One of the causes of yoru problem is when you use dual NICs. Dual NICS can give the appearance of working well for a while and then shut itself down, if not configured right. Are you using Dual NICS?
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Author Comment

by:hw_tech
ID: 20375115
We do have dual NICs on the server. One NIC is setup as an outgoing WAN NIC and is connected to the firewall/router/internet. The other NIC is setup to face our internal network DNS requests from client computers are set to route through this server. We were able to access the internet during this time, but several computers appeared hung when using server products like Exchange, logging onto the Domain, etc.

The errors above were logged on the server, not on the client computers.
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LVL 38

Expert Comment

by:ChiefIT
ID: 20375487
I think that's your problem. It sounds like you are trying to use your dual NICS as sort of a router. What happens is the server looses track of who it is. Example: is it 10.11.12.13 or 10.11.12.14?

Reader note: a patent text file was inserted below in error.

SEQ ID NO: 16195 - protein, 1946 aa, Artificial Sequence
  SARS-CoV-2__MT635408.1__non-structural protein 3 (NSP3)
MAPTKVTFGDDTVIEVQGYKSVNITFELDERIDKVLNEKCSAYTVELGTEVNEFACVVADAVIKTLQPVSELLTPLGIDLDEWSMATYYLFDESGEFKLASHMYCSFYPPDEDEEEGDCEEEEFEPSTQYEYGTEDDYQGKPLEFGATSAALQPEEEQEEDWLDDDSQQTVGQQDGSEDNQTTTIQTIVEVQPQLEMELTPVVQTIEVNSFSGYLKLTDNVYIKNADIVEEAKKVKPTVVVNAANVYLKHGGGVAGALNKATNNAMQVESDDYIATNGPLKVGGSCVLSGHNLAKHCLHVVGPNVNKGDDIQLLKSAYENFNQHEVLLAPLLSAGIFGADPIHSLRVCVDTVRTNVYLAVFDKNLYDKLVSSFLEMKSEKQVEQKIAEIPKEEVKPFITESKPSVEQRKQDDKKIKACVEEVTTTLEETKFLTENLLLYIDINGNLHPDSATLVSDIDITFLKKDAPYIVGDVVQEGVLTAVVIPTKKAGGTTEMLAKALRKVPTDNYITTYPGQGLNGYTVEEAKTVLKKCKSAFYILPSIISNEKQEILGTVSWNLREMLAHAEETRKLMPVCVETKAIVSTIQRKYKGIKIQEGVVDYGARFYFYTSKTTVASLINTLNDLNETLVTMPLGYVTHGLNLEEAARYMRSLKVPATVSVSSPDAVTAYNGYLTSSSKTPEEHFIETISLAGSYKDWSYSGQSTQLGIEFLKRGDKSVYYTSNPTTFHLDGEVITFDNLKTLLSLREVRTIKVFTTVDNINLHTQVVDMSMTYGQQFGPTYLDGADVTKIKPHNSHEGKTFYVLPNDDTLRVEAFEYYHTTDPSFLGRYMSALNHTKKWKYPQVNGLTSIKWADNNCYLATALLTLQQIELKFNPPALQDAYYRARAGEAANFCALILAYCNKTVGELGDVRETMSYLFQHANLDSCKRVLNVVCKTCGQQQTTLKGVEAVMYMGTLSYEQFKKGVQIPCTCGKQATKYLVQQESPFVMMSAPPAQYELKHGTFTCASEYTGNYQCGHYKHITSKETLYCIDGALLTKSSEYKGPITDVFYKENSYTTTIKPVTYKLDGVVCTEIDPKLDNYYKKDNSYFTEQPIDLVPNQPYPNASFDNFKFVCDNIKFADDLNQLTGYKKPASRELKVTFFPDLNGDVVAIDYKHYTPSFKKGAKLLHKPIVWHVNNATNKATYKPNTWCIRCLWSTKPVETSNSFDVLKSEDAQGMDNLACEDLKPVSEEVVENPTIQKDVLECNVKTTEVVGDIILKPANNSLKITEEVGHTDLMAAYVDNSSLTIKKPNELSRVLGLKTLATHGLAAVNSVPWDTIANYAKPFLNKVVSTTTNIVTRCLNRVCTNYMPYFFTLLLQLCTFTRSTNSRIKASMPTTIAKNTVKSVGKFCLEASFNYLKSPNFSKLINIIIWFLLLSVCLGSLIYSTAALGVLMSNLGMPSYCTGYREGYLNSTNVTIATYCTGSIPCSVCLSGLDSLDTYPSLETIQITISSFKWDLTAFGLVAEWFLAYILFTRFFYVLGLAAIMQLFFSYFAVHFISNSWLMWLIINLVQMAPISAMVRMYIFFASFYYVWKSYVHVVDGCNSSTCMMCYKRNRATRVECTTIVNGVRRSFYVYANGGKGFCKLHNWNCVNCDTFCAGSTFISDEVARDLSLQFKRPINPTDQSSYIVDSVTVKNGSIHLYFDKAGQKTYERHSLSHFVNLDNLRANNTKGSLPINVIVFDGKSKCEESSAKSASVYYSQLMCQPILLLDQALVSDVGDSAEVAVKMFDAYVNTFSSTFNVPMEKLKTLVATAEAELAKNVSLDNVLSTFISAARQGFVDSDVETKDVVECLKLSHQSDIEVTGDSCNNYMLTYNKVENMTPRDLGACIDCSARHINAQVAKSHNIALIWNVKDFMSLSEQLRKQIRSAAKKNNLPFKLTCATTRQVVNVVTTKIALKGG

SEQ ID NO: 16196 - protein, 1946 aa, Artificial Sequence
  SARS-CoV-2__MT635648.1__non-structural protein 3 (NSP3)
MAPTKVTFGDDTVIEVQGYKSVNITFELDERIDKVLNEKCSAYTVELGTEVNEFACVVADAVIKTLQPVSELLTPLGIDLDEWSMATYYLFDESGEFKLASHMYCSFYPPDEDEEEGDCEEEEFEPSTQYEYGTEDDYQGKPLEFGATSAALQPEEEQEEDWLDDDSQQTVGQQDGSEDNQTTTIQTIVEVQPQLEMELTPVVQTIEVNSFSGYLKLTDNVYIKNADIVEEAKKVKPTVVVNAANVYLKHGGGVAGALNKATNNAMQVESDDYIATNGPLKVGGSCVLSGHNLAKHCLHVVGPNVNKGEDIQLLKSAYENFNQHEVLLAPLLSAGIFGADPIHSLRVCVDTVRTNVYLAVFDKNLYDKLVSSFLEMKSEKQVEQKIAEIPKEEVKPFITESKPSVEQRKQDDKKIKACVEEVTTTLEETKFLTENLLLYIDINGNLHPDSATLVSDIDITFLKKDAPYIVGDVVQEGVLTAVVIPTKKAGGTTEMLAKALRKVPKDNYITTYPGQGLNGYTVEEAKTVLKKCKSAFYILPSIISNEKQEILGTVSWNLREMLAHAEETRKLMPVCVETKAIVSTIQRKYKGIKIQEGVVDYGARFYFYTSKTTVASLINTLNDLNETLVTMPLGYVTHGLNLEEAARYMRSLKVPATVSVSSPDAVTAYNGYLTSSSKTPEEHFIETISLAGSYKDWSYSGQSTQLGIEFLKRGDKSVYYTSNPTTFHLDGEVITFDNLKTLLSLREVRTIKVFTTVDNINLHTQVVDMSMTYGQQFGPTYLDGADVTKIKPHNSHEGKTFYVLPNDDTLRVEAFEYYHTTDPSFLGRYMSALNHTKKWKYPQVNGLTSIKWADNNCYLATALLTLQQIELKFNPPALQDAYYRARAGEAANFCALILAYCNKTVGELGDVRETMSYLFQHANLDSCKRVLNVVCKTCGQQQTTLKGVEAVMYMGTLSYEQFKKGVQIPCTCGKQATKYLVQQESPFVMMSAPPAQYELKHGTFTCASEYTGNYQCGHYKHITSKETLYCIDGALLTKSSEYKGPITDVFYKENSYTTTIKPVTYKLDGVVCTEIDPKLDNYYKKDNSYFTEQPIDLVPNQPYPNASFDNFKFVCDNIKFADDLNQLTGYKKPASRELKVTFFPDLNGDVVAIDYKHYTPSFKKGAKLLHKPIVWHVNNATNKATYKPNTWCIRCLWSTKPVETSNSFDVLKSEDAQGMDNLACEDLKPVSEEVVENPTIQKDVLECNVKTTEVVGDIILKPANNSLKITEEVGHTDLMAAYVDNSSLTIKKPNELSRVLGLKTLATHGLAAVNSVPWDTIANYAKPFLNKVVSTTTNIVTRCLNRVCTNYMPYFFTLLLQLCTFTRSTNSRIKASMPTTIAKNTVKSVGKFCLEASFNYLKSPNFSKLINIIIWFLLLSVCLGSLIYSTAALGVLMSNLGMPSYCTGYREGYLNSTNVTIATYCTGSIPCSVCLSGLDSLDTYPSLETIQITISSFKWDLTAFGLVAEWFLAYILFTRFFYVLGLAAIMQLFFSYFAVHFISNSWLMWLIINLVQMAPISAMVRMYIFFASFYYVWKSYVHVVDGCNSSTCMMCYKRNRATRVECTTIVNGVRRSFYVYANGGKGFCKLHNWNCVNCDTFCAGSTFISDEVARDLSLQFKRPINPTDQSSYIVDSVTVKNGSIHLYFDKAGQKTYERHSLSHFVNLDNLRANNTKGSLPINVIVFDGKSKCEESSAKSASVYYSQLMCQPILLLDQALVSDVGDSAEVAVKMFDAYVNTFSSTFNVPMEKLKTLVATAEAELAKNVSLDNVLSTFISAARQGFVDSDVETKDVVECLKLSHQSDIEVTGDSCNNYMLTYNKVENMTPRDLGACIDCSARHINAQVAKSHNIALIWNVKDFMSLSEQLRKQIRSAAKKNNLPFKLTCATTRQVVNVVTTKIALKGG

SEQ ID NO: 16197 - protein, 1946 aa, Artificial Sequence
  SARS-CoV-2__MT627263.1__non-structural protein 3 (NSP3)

A server with dual nics is usually for Multi homed domains, or to act as a router. It is sometimes used for load balancing. But, unless you have 400 or more nodes on the network and use the dual nics for load balancing or something else, I recommend you disable NIC 2, and work off NIC 1.

Using the routers IP will transfer packets to the router and out to the Network. That's the decieving portion of a Dual NIC configuration. You don't need one nic for the clients and the other for the router.

So, you should assess the need for your second NIC before disabling the second NIC. These are the types of questions you should be asking yourself when assessing the need:

1) Do, I have a multi homed domain?
2) Do, I need to balance the load and have too many nodes on the network for a single NIC to work?
3) Do, I use the second NIC to make my server act as a router?
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Author Comment

by:hw_tech
ID: 20402697
We are using our dual-NICs as a router. If we assume that we want to keep it that way, how should this be configured? What are the pitfalls with this? This problem just recently started happening even though we haven't changed the configuration, so what could have changed to make us start having this problem?
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LVL 38

Accepted Solution

by:
ChiefIT earned 500 total points
ID: 20404072